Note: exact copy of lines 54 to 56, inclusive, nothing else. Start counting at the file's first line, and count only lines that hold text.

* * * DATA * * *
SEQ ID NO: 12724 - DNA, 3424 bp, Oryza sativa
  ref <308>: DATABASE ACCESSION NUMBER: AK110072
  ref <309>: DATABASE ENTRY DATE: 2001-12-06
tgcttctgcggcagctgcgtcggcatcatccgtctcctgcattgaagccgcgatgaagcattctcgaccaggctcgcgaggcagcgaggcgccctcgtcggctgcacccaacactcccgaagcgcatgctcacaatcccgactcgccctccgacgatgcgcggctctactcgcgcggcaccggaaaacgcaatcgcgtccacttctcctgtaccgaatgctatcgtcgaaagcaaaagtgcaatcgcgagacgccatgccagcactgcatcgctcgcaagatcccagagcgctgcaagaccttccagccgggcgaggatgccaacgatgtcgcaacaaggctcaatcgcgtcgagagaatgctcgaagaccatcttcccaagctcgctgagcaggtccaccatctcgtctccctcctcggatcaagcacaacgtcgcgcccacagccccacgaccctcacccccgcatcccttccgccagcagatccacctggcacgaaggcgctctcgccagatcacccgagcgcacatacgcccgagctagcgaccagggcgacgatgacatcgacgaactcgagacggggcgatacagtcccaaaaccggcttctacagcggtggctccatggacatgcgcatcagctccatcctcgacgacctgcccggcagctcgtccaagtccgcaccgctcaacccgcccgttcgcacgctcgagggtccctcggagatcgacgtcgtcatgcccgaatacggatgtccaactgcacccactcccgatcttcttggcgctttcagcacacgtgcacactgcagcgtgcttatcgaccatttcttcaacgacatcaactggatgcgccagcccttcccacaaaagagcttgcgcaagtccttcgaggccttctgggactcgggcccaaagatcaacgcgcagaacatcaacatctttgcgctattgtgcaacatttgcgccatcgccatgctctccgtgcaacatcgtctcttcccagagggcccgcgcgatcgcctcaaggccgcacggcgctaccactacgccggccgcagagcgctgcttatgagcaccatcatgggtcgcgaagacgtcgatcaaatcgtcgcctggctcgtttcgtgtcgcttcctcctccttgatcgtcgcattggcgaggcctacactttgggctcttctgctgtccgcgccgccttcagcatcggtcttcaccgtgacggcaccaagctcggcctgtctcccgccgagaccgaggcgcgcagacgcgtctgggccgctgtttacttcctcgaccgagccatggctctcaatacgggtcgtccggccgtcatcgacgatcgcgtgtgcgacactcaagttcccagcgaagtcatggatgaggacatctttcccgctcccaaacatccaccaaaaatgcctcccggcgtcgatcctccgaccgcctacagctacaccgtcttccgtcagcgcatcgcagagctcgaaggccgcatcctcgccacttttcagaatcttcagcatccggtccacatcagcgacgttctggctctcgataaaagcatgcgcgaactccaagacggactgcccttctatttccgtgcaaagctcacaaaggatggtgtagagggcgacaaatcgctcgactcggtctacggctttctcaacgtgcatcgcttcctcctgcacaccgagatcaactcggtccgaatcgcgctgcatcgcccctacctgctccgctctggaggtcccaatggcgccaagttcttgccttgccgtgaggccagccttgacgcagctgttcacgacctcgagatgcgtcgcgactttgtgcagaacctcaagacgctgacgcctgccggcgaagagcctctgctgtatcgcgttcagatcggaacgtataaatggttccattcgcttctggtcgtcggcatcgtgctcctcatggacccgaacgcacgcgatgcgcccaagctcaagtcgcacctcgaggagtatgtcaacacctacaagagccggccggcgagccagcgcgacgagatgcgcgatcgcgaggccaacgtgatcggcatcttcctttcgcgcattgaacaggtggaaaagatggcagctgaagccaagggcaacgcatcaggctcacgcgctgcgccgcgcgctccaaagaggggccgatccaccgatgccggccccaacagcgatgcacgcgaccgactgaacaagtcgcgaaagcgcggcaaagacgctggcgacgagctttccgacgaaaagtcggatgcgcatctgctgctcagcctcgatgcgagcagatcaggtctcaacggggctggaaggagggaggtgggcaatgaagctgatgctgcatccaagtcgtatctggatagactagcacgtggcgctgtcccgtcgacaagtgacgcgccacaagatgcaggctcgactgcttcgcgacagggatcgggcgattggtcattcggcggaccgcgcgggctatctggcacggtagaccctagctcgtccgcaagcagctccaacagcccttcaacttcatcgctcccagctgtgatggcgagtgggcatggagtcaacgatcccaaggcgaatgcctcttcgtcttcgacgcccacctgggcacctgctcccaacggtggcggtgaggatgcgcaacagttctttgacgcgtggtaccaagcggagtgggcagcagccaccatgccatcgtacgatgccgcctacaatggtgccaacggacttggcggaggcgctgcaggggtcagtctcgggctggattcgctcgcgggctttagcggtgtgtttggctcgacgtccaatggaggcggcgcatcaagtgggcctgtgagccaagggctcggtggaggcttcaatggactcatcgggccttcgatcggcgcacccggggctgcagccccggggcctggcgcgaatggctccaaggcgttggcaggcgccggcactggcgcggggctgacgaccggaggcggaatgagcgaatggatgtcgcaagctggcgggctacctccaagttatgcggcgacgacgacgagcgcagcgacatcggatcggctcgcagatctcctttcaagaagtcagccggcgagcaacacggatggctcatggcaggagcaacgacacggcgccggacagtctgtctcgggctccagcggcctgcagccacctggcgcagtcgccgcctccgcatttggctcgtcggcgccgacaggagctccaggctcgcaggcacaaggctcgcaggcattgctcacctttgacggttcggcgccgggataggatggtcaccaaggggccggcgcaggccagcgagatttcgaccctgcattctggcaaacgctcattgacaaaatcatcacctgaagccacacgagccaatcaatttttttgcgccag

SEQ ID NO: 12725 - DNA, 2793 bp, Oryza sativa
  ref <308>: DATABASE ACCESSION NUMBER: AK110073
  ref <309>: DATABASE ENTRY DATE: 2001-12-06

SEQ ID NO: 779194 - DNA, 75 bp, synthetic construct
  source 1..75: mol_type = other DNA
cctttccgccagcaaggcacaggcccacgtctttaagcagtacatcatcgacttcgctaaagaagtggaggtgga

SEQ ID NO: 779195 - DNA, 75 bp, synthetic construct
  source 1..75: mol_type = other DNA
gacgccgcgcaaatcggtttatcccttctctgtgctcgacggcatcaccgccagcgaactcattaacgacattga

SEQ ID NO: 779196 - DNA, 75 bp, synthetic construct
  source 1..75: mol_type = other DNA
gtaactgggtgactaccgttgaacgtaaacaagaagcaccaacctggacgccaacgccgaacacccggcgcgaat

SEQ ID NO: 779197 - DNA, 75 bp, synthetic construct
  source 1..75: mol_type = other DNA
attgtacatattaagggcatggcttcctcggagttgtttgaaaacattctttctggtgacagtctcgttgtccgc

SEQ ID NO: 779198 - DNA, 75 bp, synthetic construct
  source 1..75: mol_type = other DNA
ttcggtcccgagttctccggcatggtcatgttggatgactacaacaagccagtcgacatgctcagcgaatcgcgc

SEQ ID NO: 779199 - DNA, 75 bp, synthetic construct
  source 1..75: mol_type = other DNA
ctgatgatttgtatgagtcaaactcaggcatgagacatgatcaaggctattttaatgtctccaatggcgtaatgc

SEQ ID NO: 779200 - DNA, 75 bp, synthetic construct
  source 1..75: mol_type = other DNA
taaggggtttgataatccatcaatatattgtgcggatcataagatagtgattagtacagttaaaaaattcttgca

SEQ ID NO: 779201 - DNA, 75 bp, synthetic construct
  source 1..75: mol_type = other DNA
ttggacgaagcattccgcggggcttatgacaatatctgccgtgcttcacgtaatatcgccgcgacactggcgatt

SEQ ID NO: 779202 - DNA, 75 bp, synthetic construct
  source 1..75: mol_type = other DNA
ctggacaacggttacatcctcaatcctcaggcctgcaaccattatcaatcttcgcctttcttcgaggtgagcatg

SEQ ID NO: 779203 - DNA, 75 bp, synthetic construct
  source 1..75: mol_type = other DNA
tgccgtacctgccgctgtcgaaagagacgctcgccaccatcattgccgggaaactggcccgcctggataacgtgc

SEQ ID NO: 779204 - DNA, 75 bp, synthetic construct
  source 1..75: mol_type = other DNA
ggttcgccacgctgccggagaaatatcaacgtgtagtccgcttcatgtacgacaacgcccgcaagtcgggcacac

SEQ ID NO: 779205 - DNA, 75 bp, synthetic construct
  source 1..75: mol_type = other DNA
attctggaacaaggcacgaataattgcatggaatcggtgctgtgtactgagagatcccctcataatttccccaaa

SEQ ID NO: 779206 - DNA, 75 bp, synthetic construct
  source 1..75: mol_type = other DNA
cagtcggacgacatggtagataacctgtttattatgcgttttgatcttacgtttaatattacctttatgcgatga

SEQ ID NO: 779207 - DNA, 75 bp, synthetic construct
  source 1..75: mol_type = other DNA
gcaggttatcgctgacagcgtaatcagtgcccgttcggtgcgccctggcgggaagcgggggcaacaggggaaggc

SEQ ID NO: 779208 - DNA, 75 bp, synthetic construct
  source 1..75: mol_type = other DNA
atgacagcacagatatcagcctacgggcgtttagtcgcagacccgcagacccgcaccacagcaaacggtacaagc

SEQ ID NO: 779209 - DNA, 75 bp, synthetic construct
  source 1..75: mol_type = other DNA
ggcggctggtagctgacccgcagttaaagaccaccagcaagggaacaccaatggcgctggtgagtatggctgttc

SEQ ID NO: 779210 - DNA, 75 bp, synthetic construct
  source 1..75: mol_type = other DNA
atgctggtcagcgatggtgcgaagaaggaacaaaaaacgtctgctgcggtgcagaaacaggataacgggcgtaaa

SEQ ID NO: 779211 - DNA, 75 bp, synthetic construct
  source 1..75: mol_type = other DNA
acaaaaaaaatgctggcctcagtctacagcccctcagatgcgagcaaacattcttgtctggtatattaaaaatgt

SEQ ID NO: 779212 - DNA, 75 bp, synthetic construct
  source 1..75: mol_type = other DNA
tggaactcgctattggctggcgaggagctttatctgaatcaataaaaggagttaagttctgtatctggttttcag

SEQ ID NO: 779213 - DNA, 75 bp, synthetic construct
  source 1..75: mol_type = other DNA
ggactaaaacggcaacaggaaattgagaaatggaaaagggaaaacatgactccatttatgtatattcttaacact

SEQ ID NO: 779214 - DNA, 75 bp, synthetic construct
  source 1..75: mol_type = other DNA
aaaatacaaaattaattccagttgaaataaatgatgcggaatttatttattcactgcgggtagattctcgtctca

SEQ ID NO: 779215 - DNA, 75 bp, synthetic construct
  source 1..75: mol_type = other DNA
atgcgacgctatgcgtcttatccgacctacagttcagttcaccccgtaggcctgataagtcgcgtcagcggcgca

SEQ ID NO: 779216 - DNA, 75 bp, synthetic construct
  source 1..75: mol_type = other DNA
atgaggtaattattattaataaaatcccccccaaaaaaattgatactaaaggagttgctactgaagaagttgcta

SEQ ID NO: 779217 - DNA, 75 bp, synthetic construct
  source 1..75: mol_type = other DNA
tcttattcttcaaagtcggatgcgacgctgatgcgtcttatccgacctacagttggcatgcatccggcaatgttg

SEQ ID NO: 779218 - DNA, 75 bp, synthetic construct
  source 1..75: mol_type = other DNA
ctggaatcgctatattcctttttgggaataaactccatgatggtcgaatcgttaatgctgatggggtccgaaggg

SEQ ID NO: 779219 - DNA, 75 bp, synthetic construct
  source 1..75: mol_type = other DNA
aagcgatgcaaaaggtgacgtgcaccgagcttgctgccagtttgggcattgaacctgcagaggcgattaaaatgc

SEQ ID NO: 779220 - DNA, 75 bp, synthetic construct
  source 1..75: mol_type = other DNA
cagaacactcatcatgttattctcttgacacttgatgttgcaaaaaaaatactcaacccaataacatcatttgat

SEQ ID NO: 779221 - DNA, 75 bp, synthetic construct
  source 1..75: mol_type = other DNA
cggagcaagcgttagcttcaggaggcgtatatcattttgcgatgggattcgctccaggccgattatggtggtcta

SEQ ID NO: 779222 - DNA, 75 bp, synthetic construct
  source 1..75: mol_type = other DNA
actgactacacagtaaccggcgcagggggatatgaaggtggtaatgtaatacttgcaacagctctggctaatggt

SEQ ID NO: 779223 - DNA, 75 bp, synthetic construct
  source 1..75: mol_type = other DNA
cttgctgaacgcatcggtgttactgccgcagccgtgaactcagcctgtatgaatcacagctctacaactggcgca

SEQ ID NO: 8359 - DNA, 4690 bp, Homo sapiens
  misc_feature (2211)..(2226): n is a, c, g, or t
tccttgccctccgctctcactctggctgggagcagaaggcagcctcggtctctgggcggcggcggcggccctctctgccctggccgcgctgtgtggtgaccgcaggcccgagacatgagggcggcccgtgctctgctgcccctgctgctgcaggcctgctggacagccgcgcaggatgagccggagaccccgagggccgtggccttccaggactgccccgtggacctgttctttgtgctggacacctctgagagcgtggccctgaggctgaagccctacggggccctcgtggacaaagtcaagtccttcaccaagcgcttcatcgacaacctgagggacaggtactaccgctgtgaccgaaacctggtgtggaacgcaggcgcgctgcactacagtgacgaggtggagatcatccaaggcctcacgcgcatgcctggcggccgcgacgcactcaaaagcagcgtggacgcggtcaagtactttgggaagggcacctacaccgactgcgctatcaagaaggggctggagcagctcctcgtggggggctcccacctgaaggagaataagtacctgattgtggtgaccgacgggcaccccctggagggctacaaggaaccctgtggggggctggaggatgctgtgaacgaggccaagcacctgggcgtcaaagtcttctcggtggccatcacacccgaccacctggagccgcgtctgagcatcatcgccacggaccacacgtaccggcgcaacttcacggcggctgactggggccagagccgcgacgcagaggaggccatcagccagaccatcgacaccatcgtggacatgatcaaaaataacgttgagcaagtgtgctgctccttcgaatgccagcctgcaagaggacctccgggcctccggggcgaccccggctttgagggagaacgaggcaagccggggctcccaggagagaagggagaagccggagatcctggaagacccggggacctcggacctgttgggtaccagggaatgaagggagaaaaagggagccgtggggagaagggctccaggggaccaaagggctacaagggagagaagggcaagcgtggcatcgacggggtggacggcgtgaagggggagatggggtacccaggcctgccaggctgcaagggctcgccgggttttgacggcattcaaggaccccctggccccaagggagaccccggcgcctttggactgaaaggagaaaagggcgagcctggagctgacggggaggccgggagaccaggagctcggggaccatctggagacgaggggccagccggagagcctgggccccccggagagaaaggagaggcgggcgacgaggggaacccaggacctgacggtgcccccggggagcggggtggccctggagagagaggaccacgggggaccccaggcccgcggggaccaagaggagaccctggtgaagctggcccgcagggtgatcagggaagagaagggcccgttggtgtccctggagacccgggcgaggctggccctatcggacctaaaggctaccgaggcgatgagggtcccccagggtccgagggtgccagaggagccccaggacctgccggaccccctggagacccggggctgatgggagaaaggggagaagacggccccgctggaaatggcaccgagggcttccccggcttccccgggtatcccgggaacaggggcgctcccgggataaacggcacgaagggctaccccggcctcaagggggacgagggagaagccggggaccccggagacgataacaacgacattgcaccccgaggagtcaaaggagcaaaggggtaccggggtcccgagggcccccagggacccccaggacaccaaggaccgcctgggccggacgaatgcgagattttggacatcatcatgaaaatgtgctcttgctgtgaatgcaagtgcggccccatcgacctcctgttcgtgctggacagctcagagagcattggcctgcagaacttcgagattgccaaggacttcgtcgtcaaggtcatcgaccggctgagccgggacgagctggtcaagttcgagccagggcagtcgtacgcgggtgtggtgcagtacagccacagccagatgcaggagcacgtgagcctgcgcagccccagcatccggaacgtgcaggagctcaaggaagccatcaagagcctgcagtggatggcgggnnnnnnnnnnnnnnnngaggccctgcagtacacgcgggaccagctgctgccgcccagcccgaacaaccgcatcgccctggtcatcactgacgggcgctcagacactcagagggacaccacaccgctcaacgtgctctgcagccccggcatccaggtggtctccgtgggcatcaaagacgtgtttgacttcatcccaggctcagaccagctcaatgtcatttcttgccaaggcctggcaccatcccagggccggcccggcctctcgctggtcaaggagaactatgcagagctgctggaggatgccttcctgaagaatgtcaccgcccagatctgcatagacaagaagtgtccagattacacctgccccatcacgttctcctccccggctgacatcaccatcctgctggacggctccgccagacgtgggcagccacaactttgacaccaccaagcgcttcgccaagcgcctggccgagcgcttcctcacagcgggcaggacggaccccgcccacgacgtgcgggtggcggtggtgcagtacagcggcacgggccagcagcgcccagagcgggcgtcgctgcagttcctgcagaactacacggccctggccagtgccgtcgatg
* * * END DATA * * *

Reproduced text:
  source 1..75: mol_type = other DNA
ggcggctggtagctgacccgcagttaaagaccaccagcaagggaacaccaatggcgctggtgagtatggctgttc

SEQ ID NO: 779210 - DNA, 75 bp, synthetic construct